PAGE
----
Yesterday morning the mayor came out to face the press, and naturally, was asked about his own future. Standing on the Grand Hotel's magnificent porch, all the mayor would tell us reporters was that he had eighteen months left in his current term (it's actually nineteen), and he felt the need to "get as many things done as I possibly can." Now, I don't have an opinion on whether the mayor ought to run. He previously has said he was going to.

Frankly, if you know anything about how government works, the worst thing Bing could do would be to announce early that he isn't running. The moment he does that, he becomes a lame duck, and immediately loses much of his power and influence.

But beyond that, I am astonished at the business community's chutzpah in attempting to say who ought to be Detroit's mayor. Do they think our memories are that short?

Seven years ago, the business community was highly decisive in a Detroit mayoral race. Freman Hendrix was one of the final two candidates. He was a decent man with a finance background who had served as deputy mayor in the Archer administration.

Hendrix had grown up in a working class neighborhood. He had joined the Navy, and had put himself through college. I thought he had the potential to be a good mayor who had the ability to relate to average citizens. But the business community wanted the incumbent: Kwame Kilpatrick.

Two days ago, a beaming Gov. Rick Snyder opened the annual conference of our state?s economic and political elites on an upbeat note. He cited the official themes the Detroit Regional Chamber of Commerce set for their annual Mackinac Conference. "Innovation, Collaboration and the Twenty-First Century Global Marketplace." Those are things he himself is all about.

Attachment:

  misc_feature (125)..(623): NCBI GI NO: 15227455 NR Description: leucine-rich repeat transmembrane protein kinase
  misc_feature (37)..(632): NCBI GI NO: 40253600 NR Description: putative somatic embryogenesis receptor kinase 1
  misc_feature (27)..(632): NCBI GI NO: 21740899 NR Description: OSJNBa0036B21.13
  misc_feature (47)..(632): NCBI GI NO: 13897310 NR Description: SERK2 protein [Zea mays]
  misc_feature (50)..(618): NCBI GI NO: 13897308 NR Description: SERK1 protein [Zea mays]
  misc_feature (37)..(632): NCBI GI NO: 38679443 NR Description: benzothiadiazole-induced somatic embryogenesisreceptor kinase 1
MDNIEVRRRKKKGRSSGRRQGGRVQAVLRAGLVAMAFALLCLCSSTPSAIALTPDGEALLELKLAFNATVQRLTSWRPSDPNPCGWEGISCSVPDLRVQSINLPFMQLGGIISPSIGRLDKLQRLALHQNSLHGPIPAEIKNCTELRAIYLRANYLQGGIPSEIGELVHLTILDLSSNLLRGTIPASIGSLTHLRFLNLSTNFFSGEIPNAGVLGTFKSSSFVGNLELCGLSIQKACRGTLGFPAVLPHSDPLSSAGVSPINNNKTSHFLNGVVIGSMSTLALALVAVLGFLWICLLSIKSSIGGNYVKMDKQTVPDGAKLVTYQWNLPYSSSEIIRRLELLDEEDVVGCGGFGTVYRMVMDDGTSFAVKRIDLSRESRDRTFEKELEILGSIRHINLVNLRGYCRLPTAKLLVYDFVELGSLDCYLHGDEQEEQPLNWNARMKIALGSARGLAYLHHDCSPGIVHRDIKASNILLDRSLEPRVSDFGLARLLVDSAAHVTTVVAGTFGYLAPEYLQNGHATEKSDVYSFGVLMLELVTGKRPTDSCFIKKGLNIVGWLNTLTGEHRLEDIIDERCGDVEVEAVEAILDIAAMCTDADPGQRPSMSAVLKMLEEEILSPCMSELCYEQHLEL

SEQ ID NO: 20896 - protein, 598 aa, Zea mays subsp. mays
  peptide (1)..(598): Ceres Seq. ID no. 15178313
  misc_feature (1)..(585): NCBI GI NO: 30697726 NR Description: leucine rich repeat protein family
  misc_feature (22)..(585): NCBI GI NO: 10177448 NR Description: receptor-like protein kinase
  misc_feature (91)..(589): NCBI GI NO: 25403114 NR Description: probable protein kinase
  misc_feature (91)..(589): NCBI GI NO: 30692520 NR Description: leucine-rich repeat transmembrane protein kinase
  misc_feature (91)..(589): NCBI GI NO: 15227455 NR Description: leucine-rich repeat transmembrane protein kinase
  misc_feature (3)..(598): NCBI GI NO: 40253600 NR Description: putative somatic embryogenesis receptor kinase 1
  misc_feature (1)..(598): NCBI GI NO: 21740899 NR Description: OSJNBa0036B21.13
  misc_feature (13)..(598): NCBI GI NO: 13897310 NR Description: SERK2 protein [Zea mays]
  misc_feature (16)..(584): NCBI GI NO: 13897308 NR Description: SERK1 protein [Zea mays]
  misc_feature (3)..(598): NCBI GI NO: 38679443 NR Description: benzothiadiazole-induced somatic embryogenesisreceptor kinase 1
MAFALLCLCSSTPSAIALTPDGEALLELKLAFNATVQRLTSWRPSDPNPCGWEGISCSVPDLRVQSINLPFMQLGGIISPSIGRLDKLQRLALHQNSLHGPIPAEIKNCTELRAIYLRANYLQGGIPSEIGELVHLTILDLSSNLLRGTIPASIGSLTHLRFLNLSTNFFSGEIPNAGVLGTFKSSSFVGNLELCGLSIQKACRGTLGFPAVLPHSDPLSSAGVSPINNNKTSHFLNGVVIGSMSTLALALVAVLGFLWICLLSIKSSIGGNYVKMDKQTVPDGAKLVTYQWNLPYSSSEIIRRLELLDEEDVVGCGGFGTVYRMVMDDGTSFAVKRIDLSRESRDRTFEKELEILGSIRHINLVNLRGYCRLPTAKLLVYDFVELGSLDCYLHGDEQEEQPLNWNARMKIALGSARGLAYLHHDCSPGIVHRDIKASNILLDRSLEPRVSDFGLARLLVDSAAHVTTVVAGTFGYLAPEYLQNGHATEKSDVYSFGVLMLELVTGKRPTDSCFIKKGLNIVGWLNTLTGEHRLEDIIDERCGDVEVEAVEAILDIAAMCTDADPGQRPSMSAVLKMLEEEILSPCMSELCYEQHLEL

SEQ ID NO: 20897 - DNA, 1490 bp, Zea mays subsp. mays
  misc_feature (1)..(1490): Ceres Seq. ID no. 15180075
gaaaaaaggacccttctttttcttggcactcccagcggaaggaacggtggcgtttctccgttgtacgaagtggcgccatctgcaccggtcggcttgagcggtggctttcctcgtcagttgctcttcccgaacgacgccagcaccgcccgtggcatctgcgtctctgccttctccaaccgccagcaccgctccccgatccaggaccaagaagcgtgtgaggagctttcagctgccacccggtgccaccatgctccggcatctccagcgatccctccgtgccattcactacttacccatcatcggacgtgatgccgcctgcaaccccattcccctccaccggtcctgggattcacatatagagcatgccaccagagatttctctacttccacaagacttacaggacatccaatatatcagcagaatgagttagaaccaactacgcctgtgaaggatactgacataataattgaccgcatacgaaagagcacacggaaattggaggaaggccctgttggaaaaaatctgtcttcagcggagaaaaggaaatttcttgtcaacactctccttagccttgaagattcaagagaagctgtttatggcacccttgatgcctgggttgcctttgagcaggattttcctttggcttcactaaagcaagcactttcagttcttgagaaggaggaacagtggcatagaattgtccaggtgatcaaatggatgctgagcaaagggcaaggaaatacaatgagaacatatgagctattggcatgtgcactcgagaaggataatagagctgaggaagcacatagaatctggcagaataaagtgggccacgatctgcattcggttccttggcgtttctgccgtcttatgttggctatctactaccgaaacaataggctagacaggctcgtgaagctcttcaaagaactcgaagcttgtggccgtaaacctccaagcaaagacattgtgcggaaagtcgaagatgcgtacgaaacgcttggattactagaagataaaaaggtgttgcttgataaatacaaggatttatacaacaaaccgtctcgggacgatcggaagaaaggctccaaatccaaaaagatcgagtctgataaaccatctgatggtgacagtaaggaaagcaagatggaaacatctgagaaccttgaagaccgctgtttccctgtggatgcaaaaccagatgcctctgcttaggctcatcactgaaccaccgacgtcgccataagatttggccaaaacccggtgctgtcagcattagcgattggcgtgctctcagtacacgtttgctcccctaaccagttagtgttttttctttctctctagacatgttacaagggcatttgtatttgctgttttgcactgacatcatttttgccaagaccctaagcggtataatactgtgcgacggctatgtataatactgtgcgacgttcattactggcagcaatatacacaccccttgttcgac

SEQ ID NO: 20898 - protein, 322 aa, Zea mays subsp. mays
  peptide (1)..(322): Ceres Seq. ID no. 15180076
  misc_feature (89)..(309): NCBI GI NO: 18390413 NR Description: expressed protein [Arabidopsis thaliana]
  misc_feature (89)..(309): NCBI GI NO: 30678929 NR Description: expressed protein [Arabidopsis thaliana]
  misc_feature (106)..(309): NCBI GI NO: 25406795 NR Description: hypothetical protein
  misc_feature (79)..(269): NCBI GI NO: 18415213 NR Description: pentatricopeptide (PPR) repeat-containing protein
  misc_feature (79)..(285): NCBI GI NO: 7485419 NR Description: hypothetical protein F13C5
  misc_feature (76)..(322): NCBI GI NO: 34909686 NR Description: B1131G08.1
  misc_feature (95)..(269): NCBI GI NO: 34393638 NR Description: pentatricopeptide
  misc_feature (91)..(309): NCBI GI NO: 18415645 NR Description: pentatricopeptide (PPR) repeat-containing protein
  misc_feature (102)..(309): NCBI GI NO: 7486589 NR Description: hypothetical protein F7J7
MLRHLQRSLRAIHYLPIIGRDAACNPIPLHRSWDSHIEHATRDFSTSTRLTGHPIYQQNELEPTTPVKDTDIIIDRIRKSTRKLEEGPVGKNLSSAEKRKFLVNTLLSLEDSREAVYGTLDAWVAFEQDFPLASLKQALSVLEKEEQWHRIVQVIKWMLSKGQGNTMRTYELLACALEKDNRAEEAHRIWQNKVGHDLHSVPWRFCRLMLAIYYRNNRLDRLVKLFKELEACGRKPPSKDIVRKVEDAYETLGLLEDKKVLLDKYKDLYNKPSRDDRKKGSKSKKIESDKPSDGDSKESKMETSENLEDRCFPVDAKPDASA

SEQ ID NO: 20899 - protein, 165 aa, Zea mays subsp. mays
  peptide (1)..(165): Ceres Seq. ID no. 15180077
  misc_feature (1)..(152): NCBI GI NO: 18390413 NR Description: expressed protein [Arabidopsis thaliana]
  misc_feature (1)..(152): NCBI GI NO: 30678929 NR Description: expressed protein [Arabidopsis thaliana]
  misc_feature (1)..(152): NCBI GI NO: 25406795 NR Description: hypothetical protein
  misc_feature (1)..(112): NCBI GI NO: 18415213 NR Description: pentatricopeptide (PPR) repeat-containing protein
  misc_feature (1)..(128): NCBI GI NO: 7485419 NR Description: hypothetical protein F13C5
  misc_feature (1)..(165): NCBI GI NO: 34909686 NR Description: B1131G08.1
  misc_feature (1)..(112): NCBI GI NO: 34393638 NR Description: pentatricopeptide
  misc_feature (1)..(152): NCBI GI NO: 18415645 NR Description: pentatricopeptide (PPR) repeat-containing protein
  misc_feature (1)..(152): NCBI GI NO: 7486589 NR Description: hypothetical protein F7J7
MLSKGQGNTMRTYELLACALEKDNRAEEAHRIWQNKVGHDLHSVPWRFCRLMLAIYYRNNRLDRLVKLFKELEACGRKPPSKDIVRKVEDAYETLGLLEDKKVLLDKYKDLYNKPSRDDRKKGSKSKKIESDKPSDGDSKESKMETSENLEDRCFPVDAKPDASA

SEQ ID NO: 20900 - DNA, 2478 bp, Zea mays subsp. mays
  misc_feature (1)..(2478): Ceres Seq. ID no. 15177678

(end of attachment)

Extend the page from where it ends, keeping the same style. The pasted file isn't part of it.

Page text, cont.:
Whether you agree with his positions or not, this governor wants what he thinks are rational policies aimed at giving this state a future. But the morning after his triumphant welcome, the governor had to again admit defeat over an issue that shouldn't even be an issue: Road funding. Too many Michigan roads are in poor shape, and a whole lot more are rapidly getting worse. Earlier this year, the Michigan Department of Transportation estimated ninety per cent of our roads are in good or fair condition, which seemed too high to me.

But the state also calculated that unless we start investing far more heavily in our roads, only 44 percent will be in acceptable shape a mere eight years from now. That would be a disaster.

Almost the first words at this year's Mackinac Policy Conference were about changing Michigan?s culture. Yesterday, during an opening session featuring young entrepreneurs, Rick DeVos, founder of Grand Rapids' now- famous ArtPrize, said that culture change was the key to making this state prosperous again.